By Raymond Knowby


Director Ridley Scott’s sci-fi thriller crown achievment. A space mining team, led by Commander Dallas (Tom Skerrit), responds to a distress beacon on a derelict ship, only to find it the breeding ground for a deadly xenomorph species. Infected after investigating the crash site, one of the crew members brings it back aboard the home craft, where it gestates, breaks free (in an unforgettable sequence), and then stalks the entire crew until only Ripley (Sigourney Weaver) remains to do battle with the loose monstrosity.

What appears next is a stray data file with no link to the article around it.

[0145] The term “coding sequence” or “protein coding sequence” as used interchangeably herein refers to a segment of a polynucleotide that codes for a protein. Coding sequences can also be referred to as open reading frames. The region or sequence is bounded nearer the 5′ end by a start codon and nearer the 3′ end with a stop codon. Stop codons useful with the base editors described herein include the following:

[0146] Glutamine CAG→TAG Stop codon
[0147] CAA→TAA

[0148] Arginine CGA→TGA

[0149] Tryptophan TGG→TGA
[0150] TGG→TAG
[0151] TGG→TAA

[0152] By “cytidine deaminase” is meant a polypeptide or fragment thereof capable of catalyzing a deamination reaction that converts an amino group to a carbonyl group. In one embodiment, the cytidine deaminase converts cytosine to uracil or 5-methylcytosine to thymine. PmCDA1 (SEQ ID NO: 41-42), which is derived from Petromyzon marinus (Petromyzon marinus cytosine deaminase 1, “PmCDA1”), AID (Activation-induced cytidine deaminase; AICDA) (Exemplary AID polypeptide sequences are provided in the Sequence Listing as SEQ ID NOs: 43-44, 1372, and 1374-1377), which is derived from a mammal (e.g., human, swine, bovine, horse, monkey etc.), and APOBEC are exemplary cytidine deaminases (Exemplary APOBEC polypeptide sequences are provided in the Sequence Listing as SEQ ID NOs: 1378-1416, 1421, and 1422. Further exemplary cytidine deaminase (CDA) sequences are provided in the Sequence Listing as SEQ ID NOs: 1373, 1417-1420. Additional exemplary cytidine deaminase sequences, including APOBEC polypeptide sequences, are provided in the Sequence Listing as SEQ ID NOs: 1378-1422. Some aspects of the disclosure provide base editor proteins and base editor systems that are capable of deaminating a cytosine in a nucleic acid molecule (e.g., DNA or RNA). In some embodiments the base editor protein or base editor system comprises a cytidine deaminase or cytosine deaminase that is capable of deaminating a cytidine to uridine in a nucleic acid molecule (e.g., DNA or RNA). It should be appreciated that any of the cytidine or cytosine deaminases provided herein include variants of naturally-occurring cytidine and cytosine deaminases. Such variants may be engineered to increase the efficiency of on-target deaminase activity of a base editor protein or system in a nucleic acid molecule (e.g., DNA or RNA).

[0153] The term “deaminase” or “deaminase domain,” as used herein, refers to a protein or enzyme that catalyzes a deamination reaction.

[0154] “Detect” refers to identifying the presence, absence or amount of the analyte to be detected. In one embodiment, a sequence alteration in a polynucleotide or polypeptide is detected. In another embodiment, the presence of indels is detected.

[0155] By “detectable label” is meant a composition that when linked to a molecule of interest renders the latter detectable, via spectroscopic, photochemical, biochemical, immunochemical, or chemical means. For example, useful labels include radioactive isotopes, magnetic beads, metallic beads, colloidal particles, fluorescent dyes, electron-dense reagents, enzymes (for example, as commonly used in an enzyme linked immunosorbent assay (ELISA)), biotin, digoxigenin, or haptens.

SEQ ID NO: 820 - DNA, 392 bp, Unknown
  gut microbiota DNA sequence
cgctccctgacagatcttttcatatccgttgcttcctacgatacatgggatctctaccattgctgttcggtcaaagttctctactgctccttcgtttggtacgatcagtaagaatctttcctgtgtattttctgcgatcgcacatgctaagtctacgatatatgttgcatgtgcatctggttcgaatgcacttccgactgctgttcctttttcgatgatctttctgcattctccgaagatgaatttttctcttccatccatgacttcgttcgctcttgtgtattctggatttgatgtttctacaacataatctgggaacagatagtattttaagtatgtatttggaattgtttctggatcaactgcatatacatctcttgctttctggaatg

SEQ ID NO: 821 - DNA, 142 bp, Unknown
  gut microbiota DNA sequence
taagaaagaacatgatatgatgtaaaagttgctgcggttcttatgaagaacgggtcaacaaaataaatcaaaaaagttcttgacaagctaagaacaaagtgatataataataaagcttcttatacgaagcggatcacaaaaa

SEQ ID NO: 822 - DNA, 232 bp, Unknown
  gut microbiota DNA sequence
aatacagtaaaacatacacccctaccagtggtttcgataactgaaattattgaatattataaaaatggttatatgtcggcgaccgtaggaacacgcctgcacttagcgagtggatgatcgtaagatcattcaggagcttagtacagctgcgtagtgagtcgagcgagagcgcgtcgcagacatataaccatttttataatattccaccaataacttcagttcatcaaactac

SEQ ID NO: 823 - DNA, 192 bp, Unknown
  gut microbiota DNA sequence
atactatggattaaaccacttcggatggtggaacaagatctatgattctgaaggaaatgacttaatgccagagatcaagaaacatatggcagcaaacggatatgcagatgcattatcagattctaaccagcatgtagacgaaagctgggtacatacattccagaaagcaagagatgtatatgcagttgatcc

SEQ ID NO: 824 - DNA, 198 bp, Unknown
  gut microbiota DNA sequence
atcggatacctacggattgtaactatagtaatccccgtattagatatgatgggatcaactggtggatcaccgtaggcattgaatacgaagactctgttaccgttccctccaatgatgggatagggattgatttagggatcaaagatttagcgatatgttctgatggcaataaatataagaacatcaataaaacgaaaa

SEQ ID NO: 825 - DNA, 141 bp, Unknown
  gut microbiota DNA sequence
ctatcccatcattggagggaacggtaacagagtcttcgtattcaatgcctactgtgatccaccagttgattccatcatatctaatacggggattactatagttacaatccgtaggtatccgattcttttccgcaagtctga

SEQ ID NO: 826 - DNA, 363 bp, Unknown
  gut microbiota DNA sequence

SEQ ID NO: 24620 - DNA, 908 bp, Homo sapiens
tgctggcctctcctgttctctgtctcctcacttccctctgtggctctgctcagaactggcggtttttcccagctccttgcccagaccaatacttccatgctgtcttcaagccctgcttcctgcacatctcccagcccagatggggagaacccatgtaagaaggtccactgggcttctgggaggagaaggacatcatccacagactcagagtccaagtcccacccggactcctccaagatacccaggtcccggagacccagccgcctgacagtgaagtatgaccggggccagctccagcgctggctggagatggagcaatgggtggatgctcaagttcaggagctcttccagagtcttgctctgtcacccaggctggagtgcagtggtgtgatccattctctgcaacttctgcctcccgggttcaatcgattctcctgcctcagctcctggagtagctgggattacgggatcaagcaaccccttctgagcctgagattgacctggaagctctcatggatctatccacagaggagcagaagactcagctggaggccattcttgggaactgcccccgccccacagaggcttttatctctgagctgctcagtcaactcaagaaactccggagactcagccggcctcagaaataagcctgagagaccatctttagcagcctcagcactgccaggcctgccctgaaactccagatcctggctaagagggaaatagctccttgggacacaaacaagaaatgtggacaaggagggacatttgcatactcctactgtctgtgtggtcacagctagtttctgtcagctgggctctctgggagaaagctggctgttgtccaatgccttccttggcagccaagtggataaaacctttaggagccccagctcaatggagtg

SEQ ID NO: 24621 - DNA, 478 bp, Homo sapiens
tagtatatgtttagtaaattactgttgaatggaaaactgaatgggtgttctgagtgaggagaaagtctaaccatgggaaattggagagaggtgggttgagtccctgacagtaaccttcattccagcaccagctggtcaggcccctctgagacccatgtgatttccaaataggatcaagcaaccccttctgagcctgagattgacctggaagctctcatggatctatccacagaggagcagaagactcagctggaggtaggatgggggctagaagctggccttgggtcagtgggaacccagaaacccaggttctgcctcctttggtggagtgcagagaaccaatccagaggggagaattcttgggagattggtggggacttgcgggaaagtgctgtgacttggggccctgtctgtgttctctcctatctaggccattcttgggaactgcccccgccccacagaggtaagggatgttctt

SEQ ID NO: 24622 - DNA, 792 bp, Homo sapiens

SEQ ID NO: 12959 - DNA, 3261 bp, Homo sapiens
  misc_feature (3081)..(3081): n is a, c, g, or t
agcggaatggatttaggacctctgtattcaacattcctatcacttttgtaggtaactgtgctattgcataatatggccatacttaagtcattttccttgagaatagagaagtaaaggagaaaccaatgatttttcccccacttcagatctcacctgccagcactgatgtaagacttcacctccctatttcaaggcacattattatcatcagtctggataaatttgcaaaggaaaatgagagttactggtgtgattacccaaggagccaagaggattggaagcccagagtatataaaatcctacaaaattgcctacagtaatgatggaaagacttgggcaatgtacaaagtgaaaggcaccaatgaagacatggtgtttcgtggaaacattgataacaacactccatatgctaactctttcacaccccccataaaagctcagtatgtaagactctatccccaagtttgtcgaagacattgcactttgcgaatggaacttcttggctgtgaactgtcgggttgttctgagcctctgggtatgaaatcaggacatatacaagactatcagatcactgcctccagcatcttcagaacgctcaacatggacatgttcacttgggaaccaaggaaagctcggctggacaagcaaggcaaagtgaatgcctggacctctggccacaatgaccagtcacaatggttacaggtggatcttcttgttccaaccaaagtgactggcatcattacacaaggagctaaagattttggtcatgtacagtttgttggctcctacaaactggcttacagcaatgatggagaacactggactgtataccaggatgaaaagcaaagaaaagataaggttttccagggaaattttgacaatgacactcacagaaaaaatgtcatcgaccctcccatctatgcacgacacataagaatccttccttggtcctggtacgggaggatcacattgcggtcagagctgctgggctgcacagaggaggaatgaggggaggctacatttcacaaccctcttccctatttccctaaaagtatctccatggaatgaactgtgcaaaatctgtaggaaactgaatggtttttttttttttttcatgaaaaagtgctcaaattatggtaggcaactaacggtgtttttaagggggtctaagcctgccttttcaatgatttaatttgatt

Absolutely stunning production design, artwork/creature work by H.R. Giger, and Scott’s cinematic savvy make this a genuine work of visual craftsmanship. Notable performances from the entire cast (Veronica Cartwright, Harry Dean Stanton, and Ian Holm among them) help sell the material first class, with a tight original screenplay draft by Dan O’Bannon supplied as the foundation. Additionally, the brilliant score by Jerry Goldsmith, an orchestrated cacaphony of frantic strings and menace building leifmotifs, wrestles with the equally amazing sound design to bring sonic intensity up to par with the images.

At its heart, ALIEN is assembled like a true horror movie, ratcheting up suspense as the characters deal with the terror waiting in the shadows, and it is a direction that is moved away from for the rest of the series in lieu of more visceral action beats.

Your worst parasitic nightmare resides in 1979's ALIEN.